Bathroom Safety for Elderly at Home.
Each year thousands of seniors fall and are injured in their bathrooms. According to the CDC, falls are the leading cause of injury in Americans over the age of 65. These falls can dramatically reduce the quality of life of seniors in our families.
It’s a huge problem.
- One out of three older adults (those aged 65 or older) falls each year but less than half talk to their healthcare providers about it, according to the American Journal of Injury Prevention.
- Among older adults, falls are the leading cause of both fatal and nonfatal injuries, according to the Centers for Disease Control and Prevention.
- In 2013, 2.5 million nonfatal falls among older adults were treated in emergency departments and more than 734,000 of these patients were hospitalized, according to the CDC.
- In 2013, the direct medical costs of falls, adjusted for inflation, were $34 billion, according to a study in the journal, Injury Prevention.
Many of these falls occur in the bathroom.
- Bathroom sinks and tubs have hard porcelain surfaces. Bathroom tubs and floors are often wet and slippery.
- Bathroom facilities that have been adequate for many years become inadequate as people age.
- As people age, they may use medications more frequently. Some medications can cause balance issues especially when you close your eyes to wash your face or shampoo your hair.
- Bathrooms are often used at night with poor lighting and when people are less alert.
It is said that the bathroom is the most dangerous room in the house.
If you have gotten this far into the article it means you are genuinely concerned about bathroom safety. The good news is that most any bathroom can be modified to improve its safe use.
Here are a few suggestions:
- Install a raised toilet with handles or grab bars to assist in sitting and standing.
- Modify the bath or shower to fit the needs of the user.
- Shower chairs, non-slip bath mats, grab bars and hand-held shower heads can assist a person with balance issues. (It’s a good idea to seek the aid of a carpenter for the grab bar installation.)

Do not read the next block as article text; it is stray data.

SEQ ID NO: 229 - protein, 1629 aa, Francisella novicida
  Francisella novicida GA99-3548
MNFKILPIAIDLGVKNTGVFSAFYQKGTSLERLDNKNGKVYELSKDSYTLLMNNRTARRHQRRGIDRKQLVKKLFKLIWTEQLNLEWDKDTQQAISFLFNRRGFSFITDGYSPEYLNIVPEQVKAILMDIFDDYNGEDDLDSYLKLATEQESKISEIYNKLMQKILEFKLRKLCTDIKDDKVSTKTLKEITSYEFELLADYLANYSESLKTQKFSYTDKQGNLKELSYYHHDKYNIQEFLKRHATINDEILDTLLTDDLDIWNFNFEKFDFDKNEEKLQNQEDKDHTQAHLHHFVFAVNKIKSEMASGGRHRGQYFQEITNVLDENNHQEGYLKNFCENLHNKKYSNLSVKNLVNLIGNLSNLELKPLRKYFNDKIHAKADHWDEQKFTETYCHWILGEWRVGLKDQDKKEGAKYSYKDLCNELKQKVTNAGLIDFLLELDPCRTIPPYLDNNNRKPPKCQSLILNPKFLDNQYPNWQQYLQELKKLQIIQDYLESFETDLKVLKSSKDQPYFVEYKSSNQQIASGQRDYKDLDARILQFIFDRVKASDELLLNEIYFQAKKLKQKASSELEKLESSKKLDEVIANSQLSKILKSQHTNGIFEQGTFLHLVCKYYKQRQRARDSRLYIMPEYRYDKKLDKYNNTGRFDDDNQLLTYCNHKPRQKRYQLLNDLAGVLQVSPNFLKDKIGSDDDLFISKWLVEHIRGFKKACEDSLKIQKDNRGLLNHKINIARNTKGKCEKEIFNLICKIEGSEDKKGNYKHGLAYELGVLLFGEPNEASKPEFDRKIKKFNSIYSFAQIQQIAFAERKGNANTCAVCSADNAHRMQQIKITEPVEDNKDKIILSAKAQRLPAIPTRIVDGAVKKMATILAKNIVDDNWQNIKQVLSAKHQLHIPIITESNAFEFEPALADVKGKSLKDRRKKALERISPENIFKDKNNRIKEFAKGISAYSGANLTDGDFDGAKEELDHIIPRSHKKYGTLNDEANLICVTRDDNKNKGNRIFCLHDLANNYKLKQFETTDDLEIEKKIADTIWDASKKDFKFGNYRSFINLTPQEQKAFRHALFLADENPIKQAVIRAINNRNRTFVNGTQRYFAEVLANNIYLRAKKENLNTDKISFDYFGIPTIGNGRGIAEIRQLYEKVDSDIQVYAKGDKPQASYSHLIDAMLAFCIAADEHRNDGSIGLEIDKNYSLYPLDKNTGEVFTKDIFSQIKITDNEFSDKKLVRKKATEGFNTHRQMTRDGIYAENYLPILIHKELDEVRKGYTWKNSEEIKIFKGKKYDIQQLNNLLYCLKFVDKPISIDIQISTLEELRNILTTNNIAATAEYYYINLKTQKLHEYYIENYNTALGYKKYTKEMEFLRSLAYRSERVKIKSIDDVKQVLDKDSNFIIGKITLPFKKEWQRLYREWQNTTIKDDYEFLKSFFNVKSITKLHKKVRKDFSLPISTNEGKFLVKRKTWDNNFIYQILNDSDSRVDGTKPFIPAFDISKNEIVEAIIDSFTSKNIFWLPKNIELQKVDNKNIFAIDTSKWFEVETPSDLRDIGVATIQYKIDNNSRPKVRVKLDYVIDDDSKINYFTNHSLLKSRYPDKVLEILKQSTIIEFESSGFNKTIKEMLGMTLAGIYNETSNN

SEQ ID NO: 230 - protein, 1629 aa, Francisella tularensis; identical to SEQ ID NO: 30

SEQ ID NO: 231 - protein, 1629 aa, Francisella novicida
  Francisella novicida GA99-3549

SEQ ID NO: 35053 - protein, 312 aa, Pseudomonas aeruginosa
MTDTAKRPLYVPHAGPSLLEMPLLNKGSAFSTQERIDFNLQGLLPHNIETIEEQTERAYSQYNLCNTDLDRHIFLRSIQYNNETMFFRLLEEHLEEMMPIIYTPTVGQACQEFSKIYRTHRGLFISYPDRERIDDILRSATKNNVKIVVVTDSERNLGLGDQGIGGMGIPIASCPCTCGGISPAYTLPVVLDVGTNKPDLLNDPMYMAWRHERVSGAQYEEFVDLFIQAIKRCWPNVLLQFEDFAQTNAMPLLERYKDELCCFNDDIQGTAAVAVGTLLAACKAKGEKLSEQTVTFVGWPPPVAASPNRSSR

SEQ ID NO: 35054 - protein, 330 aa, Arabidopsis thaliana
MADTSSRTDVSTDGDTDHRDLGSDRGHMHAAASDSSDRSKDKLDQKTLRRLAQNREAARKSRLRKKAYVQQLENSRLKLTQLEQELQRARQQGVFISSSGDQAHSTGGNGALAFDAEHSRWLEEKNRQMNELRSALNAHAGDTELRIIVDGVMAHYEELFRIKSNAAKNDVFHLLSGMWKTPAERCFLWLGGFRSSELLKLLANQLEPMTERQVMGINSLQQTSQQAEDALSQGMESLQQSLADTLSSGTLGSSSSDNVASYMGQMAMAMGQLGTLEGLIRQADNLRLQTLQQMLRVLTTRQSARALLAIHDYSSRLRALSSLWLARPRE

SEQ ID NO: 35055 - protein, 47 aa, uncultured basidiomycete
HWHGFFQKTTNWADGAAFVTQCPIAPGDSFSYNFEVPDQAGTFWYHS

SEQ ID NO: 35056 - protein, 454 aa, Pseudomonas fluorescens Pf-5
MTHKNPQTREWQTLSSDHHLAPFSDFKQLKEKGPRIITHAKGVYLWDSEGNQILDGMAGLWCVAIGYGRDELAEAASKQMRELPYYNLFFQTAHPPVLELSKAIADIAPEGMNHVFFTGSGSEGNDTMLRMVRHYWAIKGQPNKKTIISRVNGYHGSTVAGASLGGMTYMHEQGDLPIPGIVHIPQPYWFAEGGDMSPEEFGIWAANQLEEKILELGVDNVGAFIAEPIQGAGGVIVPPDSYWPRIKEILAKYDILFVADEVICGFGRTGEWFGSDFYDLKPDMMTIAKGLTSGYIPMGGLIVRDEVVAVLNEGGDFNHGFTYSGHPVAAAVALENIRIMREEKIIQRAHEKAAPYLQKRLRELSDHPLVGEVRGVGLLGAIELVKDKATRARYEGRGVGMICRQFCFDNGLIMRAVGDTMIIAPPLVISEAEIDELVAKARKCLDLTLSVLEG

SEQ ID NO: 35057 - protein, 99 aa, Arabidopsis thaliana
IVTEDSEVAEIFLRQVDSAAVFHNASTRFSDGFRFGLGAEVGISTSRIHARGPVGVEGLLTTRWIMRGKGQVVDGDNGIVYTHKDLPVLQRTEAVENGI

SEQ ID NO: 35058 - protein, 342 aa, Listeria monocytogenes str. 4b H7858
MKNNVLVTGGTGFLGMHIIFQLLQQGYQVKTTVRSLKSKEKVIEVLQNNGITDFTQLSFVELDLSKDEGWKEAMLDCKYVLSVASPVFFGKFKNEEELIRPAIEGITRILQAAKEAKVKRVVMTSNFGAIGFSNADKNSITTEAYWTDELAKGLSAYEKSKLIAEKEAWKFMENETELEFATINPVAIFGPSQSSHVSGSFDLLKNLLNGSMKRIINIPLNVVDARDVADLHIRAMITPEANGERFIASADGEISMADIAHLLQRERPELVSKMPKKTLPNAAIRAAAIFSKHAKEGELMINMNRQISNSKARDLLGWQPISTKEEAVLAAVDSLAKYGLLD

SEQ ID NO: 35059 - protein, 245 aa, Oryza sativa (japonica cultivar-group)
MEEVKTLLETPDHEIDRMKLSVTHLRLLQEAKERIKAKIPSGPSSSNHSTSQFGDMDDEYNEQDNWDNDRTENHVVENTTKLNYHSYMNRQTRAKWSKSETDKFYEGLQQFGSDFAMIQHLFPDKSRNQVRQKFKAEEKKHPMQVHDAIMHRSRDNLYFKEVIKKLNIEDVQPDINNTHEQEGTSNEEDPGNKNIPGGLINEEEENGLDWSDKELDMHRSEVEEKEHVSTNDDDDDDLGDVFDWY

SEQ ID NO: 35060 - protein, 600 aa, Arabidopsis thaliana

- Clear the room of clutter and trip hazards like rugs when not in use.
- Make sure that lighting is adequate (especially at night) and the switches are conveniently located.
- If the user is in a wheelchair, you may need to install additional railings around the bath and toilet. You may also need to modify the sink to facilitate its use with a wheelchair.
Additional Info: Shower Chairs with Choices
There are additional bathroom safety modifications that could be made to suit specific needs of the user. The main idea is to keep the bathroom safe and functional. That may mean different modifications for different user needs. An occupational therapist can evaluate the abilities of the user and make suggestions as to the exact changes needed for your bathroom safety modifications.
You may want to consider hiring a professional contractor to redesign and modify your facilities so you can have the best/safest floor-plan possible for your loved one. Check with the Better Business Bureau before you hire anyone and then consult with a physical or occupational therapist to help you design your final plan.
Your thoughts are welcomed